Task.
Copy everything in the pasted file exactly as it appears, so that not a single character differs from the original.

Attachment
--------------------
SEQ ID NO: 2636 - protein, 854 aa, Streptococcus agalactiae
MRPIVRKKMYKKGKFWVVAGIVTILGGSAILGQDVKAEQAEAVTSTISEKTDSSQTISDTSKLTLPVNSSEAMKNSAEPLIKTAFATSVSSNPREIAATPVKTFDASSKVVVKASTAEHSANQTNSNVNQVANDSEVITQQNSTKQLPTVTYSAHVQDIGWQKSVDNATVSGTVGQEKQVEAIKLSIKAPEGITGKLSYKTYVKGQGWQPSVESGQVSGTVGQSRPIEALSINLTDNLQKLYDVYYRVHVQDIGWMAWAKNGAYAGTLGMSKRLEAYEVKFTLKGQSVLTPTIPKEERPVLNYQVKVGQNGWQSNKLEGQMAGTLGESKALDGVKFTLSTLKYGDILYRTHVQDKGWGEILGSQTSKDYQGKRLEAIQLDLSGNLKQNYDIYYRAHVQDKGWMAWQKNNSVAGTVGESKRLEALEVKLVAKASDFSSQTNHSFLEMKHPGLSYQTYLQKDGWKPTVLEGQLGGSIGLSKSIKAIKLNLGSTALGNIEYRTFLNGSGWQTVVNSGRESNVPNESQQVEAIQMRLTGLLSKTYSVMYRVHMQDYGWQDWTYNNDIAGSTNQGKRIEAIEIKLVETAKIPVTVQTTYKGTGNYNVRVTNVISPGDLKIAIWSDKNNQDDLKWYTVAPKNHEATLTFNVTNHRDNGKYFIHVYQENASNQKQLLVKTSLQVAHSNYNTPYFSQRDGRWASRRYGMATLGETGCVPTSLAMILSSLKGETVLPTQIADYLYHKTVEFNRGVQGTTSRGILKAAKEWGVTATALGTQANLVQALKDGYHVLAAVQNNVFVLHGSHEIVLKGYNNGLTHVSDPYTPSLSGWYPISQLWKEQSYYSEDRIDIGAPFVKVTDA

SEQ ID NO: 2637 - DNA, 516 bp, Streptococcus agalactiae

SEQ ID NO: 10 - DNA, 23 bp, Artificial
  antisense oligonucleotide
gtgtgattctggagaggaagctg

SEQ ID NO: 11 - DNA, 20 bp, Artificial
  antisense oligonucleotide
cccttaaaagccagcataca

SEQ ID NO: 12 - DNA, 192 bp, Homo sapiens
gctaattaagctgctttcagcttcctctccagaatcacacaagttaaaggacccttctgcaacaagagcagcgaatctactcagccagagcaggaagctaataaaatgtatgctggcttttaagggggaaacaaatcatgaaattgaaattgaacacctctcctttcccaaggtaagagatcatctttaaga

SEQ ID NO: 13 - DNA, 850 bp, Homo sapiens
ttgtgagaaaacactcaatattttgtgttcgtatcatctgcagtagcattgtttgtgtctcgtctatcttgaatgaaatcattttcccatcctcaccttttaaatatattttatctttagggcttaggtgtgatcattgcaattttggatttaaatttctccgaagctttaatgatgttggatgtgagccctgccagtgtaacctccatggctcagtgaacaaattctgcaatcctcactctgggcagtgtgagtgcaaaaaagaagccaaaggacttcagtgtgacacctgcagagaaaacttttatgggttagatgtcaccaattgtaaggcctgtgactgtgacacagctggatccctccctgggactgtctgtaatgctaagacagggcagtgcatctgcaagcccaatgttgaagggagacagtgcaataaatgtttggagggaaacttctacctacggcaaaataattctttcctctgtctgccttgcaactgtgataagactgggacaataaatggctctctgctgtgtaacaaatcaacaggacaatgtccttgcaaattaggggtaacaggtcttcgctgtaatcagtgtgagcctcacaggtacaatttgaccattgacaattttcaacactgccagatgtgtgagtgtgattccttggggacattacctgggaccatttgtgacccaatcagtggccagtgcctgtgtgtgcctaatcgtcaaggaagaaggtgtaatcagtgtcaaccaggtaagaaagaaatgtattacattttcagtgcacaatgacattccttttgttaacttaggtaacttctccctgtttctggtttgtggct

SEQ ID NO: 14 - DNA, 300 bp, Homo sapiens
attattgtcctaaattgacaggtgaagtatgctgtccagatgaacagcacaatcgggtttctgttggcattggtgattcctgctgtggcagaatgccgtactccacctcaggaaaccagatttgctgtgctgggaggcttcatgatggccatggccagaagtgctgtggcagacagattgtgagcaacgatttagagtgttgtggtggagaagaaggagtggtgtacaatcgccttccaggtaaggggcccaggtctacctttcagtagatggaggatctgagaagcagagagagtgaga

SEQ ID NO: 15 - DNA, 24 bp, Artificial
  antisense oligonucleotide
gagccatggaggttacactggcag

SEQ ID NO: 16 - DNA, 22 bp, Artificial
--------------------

SEQ ID NO: 2636 - protein, 854 aa, Streptococcus agalactiae
MRPIVRKKMYKKGKFWVVAGIVTILGGSAILGQDVKAEQAEAVTSTISEKTDSSQTISDTSKLTLPVNSSEAMKNSAEPLIKTAFATSVSSNPREIAATPVKTFDASSKVVVKASTAEHSANQTNSNVNQVANDSEVITQQNSTKQLPTVTYSAHVQDIGWQKSVDNATVSGTVGQEKQVEAIKLSIKAPEGITGKLSYKTYVKGQGWQPSVESGQVSGTVGQSRPIEALSINLTDNLQKLYDVYYRVHVQDIGWMAWAKNGAYAGTLGMSKRLEAYEVKFTLKGQSVLTPTIPKEERPVLNYQVKVGQNGWQSNKLEGQMAGTLGESKALDGVKFTLSTLKYGDILYRTHVQDKGWGEILGSQTSKDYQGKRLEAIQLDLSGNLKQNYDIYYRAHVQDKGWMAWQKNNSVAGTVGESKRLEALEVKLVAKASDFSSQTNHSFLEMKHPGLSYQTYLQKDGWKPTVLEGQLGGSIGLSKSIKAIKLNLGSTALGNIEYRTFLNGSGWQTVVNSGRESNVPNESQQVEAIQMRLTGLLSKTYSVMYRVHMQDYGWQDWTYNNDIAGSTNQGKRIEAIEIKLVETAKIPVTVQTTYKGTGNYNVRVTNVISPGDLKIAIWSDKNNQDDLKWYTVAPKNHEATLTFNVTNHRDNGKYFIHVYQENASNQKQLLVKTSLQVAHSNYNTPYFSQRDGRWASRRYGMATLGETGCVPTSLAMILSSLKGETVLPTQIADYLYHKTVEFNRGVQGTTSRGILKAAKEWGVTATALGTQANLVQALKDGYHVLAAVQNNVFVLHGSHEIVLKGYNNGLTHVSDPYTPSLSGWYPISQLWKEQSYYSEDRIDIGAPFVKVTDA

SEQ ID NO: 2637 - DNA, 516 bp, Streptococcus agalactiae

SEQ ID NO: 10 - DNA, 23 bp, Artificial
  antisense oligonucleotide
gtgtgattctggagaggaagctg

SEQ ID NO: 11 - DNA, 20 bp, Artificial
  antisense oligonucleotide
cccttaaaagccagcataca

SEQ ID NO: 12 - DNA, 192 bp, Homo sapiens
gctaattaagctgctttcagcttcctctccagaatcacacaagttaaaggacccttctgcaacaagagcagcgaatctactcagccagagcaggaagctaataaaatgtatgctggcttttaagggggaaacaaatcatgaaattgaaattgaacacctctcctttcccaaggtaagagatcatctttaaga

SEQ ID NO: 13 - DNA, 850 bp, Homo sapiens
ttgtgagaaaacactcaatattttgtgttcgtatcatctgcagtagcattgtttgtgtctcgtctatcttgaatgaaatcattttcccatcctcaccttttaaatatattttatctttagggcttaggtgtgatcattgcaattttggatttaaatttctccgaagctttaatgatgttggatgtgagccctgccagtgtaacctccatggctcagtgaacaaattctgcaatcctcactctgggcagtgtgagtgcaaaaaagaagccaaaggacttcagtgtgacacctgcagagaaaacttttatgggttagatgtcaccaattgtaaggcctgtgactgtgacacagctggatccctccctgggactgtctgtaatgctaagacagggcagtgcatctgcaagcccaatgttgaagggagacagtgcaataaatgtttggagggaaacttctacctacggcaaaataattctttcctctgtctgccttgcaactgtgataagactgggacaataaatggctctctgctgtgtaacaaatcaacaggacaatgtccttgcaaattaggggtaacaggtcttcgctgtaatcagtgtgagcctcacaggtacaatttgaccattgacaattttcaacactgccagatgtgtgagtgtgattccttggggacattacctgggaccatttgtgacccaatcagtggccagtgcctgtgtgtgcctaatcgtcaaggaagaaggtgtaatcagtgtcaaccaggtaagaaagaaatgtattacattttcagtgcacaatgacattccttttgttaacttaggtaacttctccctgtttctggtttgtggct

SEQ ID NO: 14 - DNA, 300 bp, Homo sapiens
attattgtcctaaattgacaggtgaagtatgctgtccagatgaacagcacaatcgggtttctgttggcattggtgattcctgctgtggcagaatgccgtactccacctcaggaaaccagatttgctgtgctgggaggcttcatgatggccatggccagaagtgctgtggcagacagattgtgagcaacgatttagagtgttgtggtggagaagaaggagtggtgtacaatcgccttccaggtaaggggcccaggtctacctttcagtagatggaggatctgagaagcagagagagtgaga

SEQ ID NO: 15 - DNA, 24 bp, Artificial
  antisense oligonucleotide
gagccatggaggttacactggcag

SEQ ID NO: 16 - DNA, 22 bp, Artificial